This post is bookmarked on my laptop and I read it every January. The new year offers us a fresh start, and we need a kind reminder that everyone isn’t always compulsively thinking about us. So, Get it, Get it. Happy new year!!
Part 1: Meet Your Mammoth
The first day I was in second grade, I came to school and noticed that there was a new, very pretty girl in the class—someone who hadn’t been there the previous two years. Her name was Alana and within an hour, she was everything to me.
When you’re seven, there aren’t really any actionable steps you can take when you’re in love with someone. You’re not even sure what you want from the situation. There’s just this amorphous yearning that’s a part of your life, and that’s that.
But for me, it became suddenly relevant a few months later, when during recess one day, one of the girls in the class started asking each of the boys, “Who do youuu want to marry?” When she asked me, it was a no-brainer. “Alana.”
I was still new to being a human and didn’t realize that the only socially acceptable answer was, “No one.”
The second I answered, the heinous girl ran toward other students, telling each one, “Tim said he wants to marry Alana!” Each person she told covered their mouth with uncontrollable laughter. I was finished. Life was over.
The news quickly got back to Alana herself, who stayed as far away from me as possible for days after. If she knew what a restraining order was, she’d have taken one out.
This horrifying experience taught me a critical life lesson—it can be mortally dangerous to be yourself, and you should exercise extreme social caution at all times.
Now this sounds like something only a traumatized second grader would think, but the weird thing, and the topic of this post, is that this lesson isn’t just limited to me and my debacle of a childhood—it’s a defining paranoia of the human species. We share a collective insanity that pervades human cultures throughout the world:
An irrational and unproductive obsession with what other people think of us.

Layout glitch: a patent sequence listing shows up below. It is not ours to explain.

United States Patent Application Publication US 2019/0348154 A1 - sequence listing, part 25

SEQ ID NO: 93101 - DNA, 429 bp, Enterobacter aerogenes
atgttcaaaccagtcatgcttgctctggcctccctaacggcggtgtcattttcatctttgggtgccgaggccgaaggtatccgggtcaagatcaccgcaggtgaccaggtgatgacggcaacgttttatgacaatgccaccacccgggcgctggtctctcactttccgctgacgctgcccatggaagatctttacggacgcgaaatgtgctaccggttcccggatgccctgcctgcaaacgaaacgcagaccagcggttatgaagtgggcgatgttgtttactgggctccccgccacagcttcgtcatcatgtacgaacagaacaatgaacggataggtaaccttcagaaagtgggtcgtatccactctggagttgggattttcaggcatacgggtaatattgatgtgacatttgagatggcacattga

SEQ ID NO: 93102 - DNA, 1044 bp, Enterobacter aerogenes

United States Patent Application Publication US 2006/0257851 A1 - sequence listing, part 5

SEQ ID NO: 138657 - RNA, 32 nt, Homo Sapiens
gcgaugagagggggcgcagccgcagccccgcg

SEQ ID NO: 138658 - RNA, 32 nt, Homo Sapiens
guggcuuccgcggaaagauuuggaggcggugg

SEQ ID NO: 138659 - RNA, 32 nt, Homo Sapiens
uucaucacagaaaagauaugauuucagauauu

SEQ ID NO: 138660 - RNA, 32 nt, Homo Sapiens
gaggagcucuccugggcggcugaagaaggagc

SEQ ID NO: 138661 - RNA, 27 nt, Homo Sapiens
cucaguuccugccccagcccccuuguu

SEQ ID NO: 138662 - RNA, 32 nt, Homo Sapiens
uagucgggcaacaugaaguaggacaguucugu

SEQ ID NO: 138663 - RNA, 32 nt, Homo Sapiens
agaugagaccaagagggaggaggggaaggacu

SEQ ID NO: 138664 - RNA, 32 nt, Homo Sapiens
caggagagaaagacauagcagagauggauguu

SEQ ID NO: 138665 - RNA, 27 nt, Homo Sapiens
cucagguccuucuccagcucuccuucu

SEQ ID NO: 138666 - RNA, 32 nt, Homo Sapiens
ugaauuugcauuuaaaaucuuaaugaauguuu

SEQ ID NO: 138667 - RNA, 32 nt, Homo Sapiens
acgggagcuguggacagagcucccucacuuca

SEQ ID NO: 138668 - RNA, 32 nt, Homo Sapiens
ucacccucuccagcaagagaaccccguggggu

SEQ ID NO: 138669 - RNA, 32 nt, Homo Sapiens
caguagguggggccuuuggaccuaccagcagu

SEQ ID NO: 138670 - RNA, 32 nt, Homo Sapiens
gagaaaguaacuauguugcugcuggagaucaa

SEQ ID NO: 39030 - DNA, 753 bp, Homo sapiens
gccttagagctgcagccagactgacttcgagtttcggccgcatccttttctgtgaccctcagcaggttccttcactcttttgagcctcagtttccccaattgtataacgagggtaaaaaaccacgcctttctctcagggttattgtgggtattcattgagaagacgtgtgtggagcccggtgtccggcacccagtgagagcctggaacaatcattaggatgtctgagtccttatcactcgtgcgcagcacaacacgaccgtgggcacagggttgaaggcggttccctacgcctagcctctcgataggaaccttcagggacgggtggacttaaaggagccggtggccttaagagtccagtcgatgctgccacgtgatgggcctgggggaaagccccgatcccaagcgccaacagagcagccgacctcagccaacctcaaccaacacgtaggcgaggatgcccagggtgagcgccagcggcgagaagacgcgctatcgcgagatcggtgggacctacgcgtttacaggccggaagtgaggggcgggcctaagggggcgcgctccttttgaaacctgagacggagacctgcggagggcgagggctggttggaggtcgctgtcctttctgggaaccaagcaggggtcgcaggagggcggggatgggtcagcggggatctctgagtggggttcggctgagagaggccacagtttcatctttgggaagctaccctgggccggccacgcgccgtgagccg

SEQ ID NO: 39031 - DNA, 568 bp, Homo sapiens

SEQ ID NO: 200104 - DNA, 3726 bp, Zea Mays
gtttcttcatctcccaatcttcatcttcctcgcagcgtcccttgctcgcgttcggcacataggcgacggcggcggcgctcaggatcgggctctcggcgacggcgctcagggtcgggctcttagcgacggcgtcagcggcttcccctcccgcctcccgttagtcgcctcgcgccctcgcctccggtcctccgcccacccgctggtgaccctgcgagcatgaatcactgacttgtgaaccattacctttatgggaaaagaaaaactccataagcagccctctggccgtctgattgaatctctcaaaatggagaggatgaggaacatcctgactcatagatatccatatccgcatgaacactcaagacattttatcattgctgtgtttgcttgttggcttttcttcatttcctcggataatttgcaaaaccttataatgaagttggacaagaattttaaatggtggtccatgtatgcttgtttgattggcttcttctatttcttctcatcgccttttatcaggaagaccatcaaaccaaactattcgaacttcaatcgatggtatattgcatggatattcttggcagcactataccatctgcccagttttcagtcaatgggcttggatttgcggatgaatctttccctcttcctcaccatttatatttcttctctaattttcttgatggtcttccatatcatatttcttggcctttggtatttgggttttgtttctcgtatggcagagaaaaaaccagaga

Evolution does everything for a reason, and to understand the origin of this particular insanity, let’s back up for a minute to 50,000BC in Ethiopia, where your Great2,000 Grandfather lived as part of a small tribe.
Back then, being part of a tribe was critical to survival. A tribe meant food and protection in a time when neither was easy to come by. So for your Great2,000 Grandfather, almost nothing in the world was more important than being accepted by his fellow tribe members, especially those in positions of authority. Fitting in with those around him and pleasing those above him meant he could stay in the tribe, and about the worst nightmare he could imagine would be people in the tribe starting to whisper about how annoying or unproductive or weird he was—because if enough people disapproved of him, his ranking within the tribe would drop, and if it got really bad, he’d be kicked out altogether and left for dead. He also knew that if he ever embarrassed himself by pursuing a girl in the tribe and being rejected, she’d tell the other girls about it—not only would he have blown his chance with that girl, but he might never have a mate at all now because every girl that would ever be in his life knew about his lame, failed attempt. Being socially accepted was everything.
Because of this, humans evolved an over-the-top obsession with what others thought of them—a craving for social approval and admiration, and a paralyzing fear of being disliked. Let’s call that obsession a human’s Social Survival Mammoth. It looks something like this:
Read More https://waitbutwhy.com/2014/06/taming-mammoth-let-peoples-opinions-run-life.html